Polishing Up Censorship

On August 12th County Counsel Anita Grant made a report to TV8’s PEG Board on their free speech policies. She briefly outlined the legal rights of PEG station users that our citizens have demanded since this government dominated board was formed 8 years ago. The PEG Board members responded to the Counsel’s report as if this information was all news to them.
 
The County Counsel emphasized that programming decisions must be “content neutral” except for several categories narrowly defined by the Supreme Court. Her source was an issue of Community Media Review. It sounded like the one I had passed around several years back. However, the County’s PEG representative, Ed Robey, has indicated in past PEG meetings his intention to bypass this restriction by using the “time place manner” legal concept to schedule offending political programs late at night when few people will see them.
 
The Counsel appeared to be giving the green light to this strategy when she assured the PEG Board that they could use the “time place manner” provision in scheduling. She did not indicate that there were legal criteria to prevent this concept from being used as censorship by another name.
 
The current crystallization of elements that must exist for time place manner to be employed is listed and explained in “”Ward v. Rock Against Racism” 1989. In this binding decision, employing time place manner must not be content specific. But also the time restriction must be narrowly tailored and serve a “significant government interest.” Once employed, the restriction must leave ample alternative means to convey the message.
 
The Counsel’s remarks did not show awareness of this requirement. When the PEG Board programmer asked, “I am allowed to accept 10 videos on 1 candidate?” Grant responded, “That’s an administrative function that’s a time place manner restriction.” She did not give an example of an administrative action that would not be a content restriction in this case.

Counsel added, “You don’t want to set up a circumstance where 1 candidate CoOps the station.” This statement was curious. How can TV8 “set up a circumstance” when the station is open to all residents on an equal basis? If by CoOp the station she meant only supporters of 1 candidate chose to use the station then she is ignoring the fact that different campaigns will choose to use different strategies. You can be sure that a campaign that draws significant contributions to run mass mailings and media ads will not be encouraging their supporters to produce campaign videos for TV8. That’s for poor people.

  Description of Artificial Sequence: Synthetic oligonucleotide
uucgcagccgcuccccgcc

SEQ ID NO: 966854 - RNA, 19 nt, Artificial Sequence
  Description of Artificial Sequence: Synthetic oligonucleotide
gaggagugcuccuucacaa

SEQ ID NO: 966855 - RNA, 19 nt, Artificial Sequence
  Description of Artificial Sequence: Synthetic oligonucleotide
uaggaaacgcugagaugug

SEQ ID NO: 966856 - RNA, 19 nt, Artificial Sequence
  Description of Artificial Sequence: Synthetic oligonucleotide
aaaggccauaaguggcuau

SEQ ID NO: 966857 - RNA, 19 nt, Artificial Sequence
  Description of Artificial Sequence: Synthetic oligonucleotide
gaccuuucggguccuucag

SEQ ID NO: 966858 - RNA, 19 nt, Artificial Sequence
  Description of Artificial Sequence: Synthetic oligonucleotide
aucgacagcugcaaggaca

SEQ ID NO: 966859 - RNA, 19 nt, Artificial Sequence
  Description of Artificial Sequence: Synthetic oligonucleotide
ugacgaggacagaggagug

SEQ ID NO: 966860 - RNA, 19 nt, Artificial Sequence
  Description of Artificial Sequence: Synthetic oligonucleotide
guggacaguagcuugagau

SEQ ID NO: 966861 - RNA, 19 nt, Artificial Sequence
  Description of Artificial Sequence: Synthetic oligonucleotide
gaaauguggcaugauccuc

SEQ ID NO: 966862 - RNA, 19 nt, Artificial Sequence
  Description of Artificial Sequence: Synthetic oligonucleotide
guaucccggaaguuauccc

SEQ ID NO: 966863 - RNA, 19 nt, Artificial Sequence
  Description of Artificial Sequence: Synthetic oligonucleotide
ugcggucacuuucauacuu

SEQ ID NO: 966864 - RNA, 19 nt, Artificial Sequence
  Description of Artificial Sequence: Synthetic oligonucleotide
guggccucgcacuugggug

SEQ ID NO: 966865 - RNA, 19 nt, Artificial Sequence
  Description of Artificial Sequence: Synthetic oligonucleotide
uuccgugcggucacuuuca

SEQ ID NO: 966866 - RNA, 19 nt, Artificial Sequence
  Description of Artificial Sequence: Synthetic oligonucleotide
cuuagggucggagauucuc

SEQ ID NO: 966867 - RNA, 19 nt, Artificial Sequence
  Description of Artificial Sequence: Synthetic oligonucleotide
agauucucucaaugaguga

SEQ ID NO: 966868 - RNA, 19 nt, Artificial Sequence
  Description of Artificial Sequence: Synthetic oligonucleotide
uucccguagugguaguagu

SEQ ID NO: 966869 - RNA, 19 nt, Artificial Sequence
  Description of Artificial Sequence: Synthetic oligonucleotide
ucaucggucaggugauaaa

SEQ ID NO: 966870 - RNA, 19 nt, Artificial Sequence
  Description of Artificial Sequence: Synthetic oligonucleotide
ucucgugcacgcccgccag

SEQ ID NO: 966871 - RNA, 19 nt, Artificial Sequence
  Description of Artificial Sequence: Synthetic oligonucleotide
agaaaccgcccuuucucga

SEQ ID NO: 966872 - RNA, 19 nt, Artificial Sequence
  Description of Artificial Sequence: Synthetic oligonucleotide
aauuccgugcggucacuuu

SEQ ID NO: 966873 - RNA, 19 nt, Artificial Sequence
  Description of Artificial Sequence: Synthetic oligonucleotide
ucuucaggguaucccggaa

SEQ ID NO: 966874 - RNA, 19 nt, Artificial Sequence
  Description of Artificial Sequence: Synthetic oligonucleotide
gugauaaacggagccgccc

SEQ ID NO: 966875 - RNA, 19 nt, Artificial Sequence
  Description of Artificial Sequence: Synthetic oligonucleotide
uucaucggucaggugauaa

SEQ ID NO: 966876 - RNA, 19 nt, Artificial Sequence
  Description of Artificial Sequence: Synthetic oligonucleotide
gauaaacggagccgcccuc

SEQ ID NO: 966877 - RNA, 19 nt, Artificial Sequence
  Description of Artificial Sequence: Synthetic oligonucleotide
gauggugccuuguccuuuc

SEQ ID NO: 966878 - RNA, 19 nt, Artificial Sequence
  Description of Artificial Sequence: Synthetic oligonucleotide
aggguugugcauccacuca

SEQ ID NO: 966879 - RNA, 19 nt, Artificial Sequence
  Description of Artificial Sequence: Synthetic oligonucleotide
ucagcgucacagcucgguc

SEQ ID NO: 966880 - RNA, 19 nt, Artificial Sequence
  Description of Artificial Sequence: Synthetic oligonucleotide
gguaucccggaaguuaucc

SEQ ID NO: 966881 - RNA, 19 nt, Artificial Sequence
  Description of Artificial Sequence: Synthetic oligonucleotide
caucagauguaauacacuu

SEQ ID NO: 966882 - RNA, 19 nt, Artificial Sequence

I cannot think of a single way that an administrative action designed to curtail residents from submitting candidate videos that would not fail one or more Supreme Court tests under Ward v. Rock. Historically, these tests are derived from time place manner concepts developed in “Grayned v. City of Rockford” 1972, citing examples from numerous other cases for context. These contexts almost exclusively deal with noise, blocking traffic, and denying other people the use of parks.

These are clear government interests. Providing cover for government subterfuges would be an abuse of time place and manner. One cited example is two parades cannot use the same street at the same time. This does not mean that government has the right to schedule all non Chamber of Commerce parades at 3 a.m. in the morning.

The message was that the PEG Board needed to display the right motives when impeding residents’ political activity. Setting aside “X blocks of time” was not to ghettoize the people’s voice but rather to “make sure everyone has access.” This ignores the fact that TV8 has so much dead time that they haven’t even bothered asking for the two extra channels they are entitled to. Although the Counsel gave mundane examples of normal time place manner such as “production standards” and “allocating time among competing users” she seemed to be implying that anything that the PEG Board wanted to add to the list was legitimate. It is not.